“Heels in the Battlefield is important to me because the workshops that it offers are important to me and other women,” Winters said. “One household at a time; that’s how you build a community. As a woman, I want to make sure we are empowered. It’s a healing process. I know other women going through the same things and we are there as a support system.”
Winters said the branch has been active in bringing attention to recent newsworthy topics, such as the reported breaking up of immigrant families crossing the U.S. southern border until detention hearings that have become a national political flashpoint.
The Gloucester County NAACP organized a news conference and rally on June 30 in support of those immigrant families but securing a venue – the Woodbury Courthouse – did not come until late.
“We didn’t get the okay to have it on the courtyard steps until Wednesday and the event was Saturday,” Winters said. “We could only advertise that Thursday and Friday. I said I don’t care if we only have 10 people, we’re going to do this. By Saturday, we had more than 150 show up. That was very gratifying.”
Winters also touted the branch’s annual golf tournament to raise money for scholarships which was held in June, a substance abuse and rehabilitation conference is held in April and two events this past March – an active shooter response training and a marijuana legalization forum.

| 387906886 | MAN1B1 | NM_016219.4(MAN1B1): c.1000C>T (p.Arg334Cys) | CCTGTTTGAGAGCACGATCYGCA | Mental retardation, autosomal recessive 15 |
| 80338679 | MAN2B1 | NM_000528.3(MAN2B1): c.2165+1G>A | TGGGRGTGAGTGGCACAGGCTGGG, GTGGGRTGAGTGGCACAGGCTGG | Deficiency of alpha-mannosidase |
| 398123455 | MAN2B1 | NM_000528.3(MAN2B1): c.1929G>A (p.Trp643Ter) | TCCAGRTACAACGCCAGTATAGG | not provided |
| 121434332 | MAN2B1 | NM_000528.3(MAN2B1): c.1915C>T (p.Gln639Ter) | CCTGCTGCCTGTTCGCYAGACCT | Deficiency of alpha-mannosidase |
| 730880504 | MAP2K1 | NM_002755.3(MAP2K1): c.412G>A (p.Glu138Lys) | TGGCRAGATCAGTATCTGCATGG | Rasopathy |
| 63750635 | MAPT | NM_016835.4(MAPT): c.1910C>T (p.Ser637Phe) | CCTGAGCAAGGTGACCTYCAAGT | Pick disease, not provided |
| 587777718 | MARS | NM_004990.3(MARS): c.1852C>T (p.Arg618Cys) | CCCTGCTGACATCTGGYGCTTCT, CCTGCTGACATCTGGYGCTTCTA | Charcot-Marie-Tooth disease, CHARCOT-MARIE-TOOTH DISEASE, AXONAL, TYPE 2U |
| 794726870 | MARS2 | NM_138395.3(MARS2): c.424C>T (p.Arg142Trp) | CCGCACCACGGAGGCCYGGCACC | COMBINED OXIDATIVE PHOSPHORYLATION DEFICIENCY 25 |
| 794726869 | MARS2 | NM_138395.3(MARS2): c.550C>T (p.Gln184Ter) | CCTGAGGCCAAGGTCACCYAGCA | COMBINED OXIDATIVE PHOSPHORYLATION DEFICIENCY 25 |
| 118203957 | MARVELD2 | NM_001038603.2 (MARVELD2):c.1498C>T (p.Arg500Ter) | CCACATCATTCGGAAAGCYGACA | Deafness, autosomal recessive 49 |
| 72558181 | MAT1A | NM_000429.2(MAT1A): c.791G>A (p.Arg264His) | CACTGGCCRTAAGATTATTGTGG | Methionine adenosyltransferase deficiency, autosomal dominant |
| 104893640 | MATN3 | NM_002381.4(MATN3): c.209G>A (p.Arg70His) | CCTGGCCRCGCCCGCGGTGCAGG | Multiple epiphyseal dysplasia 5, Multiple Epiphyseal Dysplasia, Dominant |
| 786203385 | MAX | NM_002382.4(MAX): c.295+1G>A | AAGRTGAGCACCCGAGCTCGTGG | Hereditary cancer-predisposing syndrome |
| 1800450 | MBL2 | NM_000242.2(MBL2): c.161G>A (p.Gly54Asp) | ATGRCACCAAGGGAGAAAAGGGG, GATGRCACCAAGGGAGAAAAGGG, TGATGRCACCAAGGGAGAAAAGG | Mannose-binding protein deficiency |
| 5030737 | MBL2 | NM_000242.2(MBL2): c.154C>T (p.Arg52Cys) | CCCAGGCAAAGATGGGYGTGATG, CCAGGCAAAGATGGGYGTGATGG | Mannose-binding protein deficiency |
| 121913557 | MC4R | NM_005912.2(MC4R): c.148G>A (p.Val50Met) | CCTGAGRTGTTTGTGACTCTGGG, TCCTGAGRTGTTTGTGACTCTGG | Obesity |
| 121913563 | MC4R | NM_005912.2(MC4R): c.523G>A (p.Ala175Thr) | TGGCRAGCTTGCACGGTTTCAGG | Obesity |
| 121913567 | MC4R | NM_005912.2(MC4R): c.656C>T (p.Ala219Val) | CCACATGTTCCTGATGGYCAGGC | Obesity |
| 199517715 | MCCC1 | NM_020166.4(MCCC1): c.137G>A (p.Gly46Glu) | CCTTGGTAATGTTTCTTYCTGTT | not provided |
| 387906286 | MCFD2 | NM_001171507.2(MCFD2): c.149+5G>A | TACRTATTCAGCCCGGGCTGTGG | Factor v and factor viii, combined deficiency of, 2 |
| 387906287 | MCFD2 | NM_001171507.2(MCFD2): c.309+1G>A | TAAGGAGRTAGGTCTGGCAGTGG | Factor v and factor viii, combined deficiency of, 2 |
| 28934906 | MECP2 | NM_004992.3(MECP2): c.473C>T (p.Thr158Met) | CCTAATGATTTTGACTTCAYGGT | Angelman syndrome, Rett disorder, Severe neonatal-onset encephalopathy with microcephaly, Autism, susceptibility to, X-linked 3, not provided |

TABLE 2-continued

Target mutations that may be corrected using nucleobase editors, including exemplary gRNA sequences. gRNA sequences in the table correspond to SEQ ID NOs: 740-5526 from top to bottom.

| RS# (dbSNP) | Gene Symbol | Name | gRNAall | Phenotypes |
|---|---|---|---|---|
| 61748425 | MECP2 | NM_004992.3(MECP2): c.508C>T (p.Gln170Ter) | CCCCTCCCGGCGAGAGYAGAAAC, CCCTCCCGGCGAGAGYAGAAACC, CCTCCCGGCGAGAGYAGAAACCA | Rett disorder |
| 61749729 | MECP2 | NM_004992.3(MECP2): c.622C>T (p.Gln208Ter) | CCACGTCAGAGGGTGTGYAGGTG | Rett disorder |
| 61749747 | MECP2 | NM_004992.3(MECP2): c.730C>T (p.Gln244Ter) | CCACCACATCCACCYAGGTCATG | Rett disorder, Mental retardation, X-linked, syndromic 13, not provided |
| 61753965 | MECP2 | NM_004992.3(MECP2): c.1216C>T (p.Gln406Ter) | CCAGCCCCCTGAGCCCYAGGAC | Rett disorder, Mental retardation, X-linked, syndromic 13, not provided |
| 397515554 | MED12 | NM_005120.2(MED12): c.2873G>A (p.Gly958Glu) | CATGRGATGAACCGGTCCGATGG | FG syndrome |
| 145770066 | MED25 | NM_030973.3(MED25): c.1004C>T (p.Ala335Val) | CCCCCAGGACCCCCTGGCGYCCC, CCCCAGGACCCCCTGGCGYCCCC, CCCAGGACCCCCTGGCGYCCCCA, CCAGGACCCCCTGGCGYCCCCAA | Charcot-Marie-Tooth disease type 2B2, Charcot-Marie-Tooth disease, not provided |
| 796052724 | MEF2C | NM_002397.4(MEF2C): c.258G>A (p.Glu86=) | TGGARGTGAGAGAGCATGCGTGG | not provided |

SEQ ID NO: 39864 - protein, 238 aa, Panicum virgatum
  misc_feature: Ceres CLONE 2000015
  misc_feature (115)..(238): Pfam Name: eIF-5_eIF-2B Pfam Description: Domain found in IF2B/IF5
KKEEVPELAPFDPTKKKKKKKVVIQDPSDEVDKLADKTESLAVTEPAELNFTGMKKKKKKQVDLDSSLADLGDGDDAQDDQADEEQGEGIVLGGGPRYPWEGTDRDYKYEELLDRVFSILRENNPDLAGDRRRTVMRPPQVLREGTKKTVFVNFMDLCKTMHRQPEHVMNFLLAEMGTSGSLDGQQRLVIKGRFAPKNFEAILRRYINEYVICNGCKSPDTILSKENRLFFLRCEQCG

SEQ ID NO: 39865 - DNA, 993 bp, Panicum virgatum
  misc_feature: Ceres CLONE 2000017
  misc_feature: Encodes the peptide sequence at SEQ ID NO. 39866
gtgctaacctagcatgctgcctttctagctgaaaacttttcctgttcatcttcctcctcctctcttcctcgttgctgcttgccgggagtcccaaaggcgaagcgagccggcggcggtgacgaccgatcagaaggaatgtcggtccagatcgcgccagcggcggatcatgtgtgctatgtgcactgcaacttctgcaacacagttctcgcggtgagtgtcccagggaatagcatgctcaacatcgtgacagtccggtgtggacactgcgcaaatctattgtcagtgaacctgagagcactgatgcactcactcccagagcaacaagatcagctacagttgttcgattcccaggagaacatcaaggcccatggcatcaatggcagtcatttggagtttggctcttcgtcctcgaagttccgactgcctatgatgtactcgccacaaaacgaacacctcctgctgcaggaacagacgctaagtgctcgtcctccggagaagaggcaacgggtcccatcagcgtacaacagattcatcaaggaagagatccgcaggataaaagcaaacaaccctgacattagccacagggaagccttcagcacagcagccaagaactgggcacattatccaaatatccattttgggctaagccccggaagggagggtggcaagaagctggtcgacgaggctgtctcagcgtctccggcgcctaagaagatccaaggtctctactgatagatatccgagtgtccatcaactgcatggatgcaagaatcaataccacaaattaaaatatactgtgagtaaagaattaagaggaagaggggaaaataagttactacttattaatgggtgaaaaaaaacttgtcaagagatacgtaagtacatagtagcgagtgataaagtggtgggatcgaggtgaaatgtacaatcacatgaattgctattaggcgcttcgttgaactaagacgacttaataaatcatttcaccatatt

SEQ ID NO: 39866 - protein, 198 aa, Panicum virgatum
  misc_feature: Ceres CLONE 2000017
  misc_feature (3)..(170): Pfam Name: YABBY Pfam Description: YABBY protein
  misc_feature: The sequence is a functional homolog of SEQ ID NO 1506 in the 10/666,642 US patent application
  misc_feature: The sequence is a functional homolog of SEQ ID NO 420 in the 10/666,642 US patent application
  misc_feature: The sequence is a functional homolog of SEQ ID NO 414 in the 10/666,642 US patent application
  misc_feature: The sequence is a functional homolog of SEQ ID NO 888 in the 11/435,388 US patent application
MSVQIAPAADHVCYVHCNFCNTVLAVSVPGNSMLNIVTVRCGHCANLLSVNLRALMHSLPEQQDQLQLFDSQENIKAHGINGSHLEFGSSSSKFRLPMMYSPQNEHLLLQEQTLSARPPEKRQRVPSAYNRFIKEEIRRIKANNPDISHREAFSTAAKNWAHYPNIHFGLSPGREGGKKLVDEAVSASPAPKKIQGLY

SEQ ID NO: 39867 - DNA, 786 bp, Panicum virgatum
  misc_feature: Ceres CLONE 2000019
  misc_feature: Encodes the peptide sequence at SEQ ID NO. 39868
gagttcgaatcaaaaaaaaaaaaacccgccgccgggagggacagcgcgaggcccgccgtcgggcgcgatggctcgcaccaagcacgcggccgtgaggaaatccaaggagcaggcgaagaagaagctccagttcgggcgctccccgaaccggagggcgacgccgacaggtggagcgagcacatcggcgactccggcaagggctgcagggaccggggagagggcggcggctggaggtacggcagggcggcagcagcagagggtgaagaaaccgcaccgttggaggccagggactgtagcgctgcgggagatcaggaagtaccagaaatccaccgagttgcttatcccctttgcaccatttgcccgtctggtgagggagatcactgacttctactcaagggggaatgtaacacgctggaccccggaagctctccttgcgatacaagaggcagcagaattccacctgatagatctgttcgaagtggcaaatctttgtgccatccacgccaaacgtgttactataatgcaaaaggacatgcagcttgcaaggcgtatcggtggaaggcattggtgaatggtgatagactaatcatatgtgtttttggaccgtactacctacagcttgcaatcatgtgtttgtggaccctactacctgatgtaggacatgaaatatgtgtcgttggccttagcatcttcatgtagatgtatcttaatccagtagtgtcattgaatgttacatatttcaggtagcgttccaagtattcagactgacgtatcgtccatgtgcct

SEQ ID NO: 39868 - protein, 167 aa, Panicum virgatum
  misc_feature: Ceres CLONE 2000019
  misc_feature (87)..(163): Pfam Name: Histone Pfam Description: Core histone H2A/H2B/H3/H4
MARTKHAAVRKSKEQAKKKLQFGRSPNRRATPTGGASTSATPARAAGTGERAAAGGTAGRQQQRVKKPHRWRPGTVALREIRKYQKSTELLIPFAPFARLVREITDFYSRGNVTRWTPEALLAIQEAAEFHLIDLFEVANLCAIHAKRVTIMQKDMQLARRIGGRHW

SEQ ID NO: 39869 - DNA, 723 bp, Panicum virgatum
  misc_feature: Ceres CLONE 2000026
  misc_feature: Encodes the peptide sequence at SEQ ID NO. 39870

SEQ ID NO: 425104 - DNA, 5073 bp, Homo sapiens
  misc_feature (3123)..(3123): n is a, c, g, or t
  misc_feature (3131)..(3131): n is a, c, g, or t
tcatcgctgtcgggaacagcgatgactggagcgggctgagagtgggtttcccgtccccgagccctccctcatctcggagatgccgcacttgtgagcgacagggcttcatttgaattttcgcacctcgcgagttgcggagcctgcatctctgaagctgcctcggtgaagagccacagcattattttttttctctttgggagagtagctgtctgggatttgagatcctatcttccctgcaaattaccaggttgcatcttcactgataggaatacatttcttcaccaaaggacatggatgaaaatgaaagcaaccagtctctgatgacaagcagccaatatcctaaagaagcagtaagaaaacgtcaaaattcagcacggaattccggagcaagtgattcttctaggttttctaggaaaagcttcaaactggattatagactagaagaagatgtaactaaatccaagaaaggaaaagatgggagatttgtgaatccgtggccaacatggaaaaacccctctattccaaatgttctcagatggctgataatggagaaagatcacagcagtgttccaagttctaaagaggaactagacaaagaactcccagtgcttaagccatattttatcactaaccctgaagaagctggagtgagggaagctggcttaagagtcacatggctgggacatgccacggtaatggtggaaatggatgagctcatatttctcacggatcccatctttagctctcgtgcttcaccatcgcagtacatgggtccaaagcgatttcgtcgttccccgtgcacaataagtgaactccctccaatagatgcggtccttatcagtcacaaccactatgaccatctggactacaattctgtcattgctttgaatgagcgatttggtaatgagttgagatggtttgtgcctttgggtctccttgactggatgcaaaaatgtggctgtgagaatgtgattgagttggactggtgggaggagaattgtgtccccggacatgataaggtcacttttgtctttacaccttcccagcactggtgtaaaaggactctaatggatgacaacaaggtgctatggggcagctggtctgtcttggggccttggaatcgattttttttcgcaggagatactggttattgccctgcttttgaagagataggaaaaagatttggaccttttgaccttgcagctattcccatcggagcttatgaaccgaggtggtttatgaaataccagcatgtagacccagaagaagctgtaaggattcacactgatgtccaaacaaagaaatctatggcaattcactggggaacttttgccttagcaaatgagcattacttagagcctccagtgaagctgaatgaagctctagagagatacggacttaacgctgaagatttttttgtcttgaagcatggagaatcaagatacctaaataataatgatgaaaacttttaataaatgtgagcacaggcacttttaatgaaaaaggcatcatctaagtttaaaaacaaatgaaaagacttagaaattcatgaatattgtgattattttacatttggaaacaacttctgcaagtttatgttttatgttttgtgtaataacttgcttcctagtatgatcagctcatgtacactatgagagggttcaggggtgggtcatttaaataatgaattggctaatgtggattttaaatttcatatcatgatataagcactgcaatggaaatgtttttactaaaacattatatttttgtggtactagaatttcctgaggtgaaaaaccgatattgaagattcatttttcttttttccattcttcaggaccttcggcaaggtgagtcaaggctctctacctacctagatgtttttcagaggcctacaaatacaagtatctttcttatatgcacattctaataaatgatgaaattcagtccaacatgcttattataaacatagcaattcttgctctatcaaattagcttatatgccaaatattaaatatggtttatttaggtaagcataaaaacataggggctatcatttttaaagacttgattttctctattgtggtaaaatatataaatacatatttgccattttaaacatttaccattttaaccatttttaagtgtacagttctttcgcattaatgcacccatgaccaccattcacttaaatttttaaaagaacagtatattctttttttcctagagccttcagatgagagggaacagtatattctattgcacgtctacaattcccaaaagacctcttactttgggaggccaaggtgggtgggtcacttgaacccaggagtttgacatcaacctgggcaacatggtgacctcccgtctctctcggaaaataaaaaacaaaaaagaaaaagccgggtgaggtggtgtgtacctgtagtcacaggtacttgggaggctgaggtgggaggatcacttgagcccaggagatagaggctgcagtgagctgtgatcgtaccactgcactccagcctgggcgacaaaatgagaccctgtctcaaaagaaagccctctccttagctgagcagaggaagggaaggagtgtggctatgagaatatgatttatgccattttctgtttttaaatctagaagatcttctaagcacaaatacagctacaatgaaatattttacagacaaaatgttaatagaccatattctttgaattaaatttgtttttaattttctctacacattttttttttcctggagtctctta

In the fall, like many other local NAACP branches, Gloucester County holds its annual Freedom Fund banquet. Some 13 community members are honored during the annual banquet, called “Game Changer” awards. Honorees are recognized in the field of education, health, politics, community advocacy, etc.
“We try to do things monthly,” Winters said. “We have to be out there and be engaged, educating the community to make their quality of life better. In my younger years, I always would look for someone to mentor me, but if I found someone, they didn’t want to give me very much information. As long as I have information, it’s going to be out there. I will lead you to the water, I can’t make you drink it, but I can lead you there.”
As a founding member of the Gloucester County’s School Superintendent’s Equity committee
Winters said she has been proud of the work with the local school districts in an effort to increase their diversity workforce numbers. She said they have been successful enough with the Gloucester County schools that they hope to present what they have done to counties throughout New Jersey in an overall effort to bring in diverse educators. In some instances, they helped to get school districts to rewrite policies that banned the wearing of the Confederate flag – a symbol often used by white supremacists – by students.
For her work, Winters has been named by the South Jersey Journal as one of the 25 Most influential African-Americans in New Jersey in 2016 and 2017; and by the Gloucester County Times as one of the 10 Most Influential Minority Leaders. She received the Champion of Diversity Award from the South Jersey Courier-Post, and the Game Changer Award from KYW-TV, among other recognitions.
Winters said, though, she desires to help people more than any award or recognition because she knows that God saved her for a reason.
Photo courtesy of Loretta Winters.